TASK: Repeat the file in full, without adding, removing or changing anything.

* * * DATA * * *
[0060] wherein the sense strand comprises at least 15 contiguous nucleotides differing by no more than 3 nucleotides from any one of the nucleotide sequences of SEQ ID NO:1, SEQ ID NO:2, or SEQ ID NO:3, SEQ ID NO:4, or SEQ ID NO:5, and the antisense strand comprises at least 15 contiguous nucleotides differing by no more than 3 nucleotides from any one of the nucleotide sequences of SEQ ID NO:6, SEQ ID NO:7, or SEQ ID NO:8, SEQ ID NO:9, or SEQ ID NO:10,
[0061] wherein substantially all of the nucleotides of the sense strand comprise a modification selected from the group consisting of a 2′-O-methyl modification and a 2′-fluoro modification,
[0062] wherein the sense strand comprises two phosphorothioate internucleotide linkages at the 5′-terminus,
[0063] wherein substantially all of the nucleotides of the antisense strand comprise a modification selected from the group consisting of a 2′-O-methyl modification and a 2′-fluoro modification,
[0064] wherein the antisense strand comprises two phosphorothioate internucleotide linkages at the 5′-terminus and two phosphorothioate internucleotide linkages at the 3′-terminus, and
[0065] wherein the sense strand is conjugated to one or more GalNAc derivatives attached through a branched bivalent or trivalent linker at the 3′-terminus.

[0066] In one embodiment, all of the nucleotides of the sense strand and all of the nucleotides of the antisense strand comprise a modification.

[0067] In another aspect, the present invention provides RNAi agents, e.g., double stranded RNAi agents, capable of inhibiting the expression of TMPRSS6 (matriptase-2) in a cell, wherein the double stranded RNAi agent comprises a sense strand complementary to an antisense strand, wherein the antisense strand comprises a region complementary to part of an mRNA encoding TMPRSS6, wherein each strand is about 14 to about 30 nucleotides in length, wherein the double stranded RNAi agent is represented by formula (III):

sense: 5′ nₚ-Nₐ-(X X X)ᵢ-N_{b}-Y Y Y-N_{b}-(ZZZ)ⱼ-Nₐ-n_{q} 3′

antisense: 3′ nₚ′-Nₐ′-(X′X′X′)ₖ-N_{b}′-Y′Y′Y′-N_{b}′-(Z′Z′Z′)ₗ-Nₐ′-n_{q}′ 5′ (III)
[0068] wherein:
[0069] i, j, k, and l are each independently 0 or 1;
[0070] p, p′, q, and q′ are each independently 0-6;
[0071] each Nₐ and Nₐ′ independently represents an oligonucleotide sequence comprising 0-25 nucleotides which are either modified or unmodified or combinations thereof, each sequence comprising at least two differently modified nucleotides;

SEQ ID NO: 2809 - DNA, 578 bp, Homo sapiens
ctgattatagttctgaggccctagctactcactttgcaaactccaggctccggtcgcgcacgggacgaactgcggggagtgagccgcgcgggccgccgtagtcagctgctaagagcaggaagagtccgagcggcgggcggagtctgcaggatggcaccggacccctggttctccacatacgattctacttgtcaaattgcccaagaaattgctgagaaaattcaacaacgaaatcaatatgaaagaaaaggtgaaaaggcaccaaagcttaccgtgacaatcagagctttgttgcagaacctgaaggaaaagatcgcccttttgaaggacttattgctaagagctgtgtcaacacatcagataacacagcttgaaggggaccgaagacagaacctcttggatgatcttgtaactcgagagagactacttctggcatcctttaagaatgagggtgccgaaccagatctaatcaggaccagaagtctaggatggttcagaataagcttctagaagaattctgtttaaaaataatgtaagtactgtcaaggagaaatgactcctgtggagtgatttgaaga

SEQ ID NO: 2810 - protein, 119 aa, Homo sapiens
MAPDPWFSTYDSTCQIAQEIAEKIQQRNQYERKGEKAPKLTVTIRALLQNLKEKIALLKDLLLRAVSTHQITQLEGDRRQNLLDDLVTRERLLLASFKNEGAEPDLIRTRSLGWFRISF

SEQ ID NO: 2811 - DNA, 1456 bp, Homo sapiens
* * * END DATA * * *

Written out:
[0060] wherein the sense strand comprises at least 15 contiguous nucleotides differing by no more than 3 nucleotides from any one of the nucleotide sequences of SEQ ID NO:1, SEQ ID NO:2, or SEQ ID NO:3, SEQ ID NO:4, or SEQ ID NO:5, and the antisense strand comprises at least 15 contiguous nucleotides differing by no more than 3 nucleotides from any one of the nucleotide sequences of SEQ ID NO:6, SEQ ID NO:7, or SEQ ID NO:8, SEQ ID NO:9, or SEQ ID NO:10,
[0061] wherein substantially all of the nucleotides of the sense strand comprise a modification selected from the group consisting of a 2′-O-methyl modification and a 2′-fluoro modification,
[0062] wherein the sense strand comprises two phosphorothioate internucleotide linkages at the 5′-terminus,
[0063] wherein substantially all of the nucleotides of the antisense strand comprise a modification selected from the group consisting of a 2′-O-methyl modification and a 2′-fluoro modification,
[0064] wherein the antisense strand comprises two phosphorothioate internucleotide linkages at the 5′-terminus and two phosphorothioate internucleotide linkages at the 3′-terminus, and
[0065] wherein the sense strand is conjugated to one or more GalNAc derivatives attached through a branched bivalent or trivalent linker at the 3′-terminus.

[0066] In one embodiment, all of the nucleotides of the sense strand and all of the nucleotides of the antisense strand comprise a modification.

[0067] In another aspect, the present invention provides RNAi agents, e.g., double stranded RNAi agents, capable of inhibiting the expression of TMPRSS6 (matriptase-2) in a cell, wherein the double stranded RNAi agent comprises a sense strand complementary to an antisense strand, wherein the antisense strand comprises a region complementary to part of an mRNA encoding TMPRSS6, wherein each strand is about 14 to about 30 nucleotides in length, wherein the double stranded RNAi agent is represented by formula (III):

sense: 5′ nₚ-Nₐ-(X X X)ᵢ-N_{b}-Y Y Y-N_{b}-(ZZZ)ⱼ-Nₐ-n_{q} 3′

antisense: 3′ nₚ′-Nₐ′-(X′X′X′)ₖ-N_{b}′-Y′Y′Y′-N_{b}′-(Z′Z′Z′)ₗ-Nₐ′-n_{q}′ 5′ (III)
[0068] wherein:
[0069] i, j, k, and l are each independently 0 or 1;
[0070] p, p′, q, and q′ are each independently 0-6;
[0071] each Nₐ and Nₐ′ independently represents an oligonucleotide sequence comprising 0-25 nucleotides which are either modified or unmodified or combinations thereof, each sequence comprising at least two differently modified nucleotides;

SEQ ID NO: 2809 - DNA, 578 bp, Homo sapiens
ctgattatagttctgaggccctagctactcactttgcaaactccaggctccggtcgcgcacgggacgaactgcggggagtgagccgcgcgggccgccgtagtcagctgctaagagcaggaagagtccgagcggcgggcggagtctgcaggatggcaccggacccctggttctccacatacgattctacttgtcaaattgcccaagaaattgctgagaaaattcaacaacgaaatcaatatgaaagaaaaggtgaaaaggcaccaaagcttaccgtgacaatcagagctttgttgcagaacctgaaggaaaagatcgcccttttgaaggacttattgctaagagctgtgtcaacacatcagataacacagcttgaaggggaccgaagacagaacctcttggatgatcttgtaactcgagagagactacttctggcatcctttaagaatgagggtgccgaaccagatctaatcaggaccagaagtctaggatggttcagaataagcttctagaagaattctgtttaaaaataatgtaagtactgtcaaggagaaatgactcctgtggagtgatttgaaga

SEQ ID NO: 2810 - protein, 119 aa, Homo sapiens
MAPDPWFSTYDSTCQIAQEIAEKIQQRNQYERKGEKAPKLTVTIRALLQNLKEKIALLKDLLLRAVSTHQITQLEGDRRQNLLDDLVTRERLLLASFKNEGAEPDLIRTRSLGWFRISF

SEQ ID NO: 2811 - DNA, 1456 bp, Homo sapiens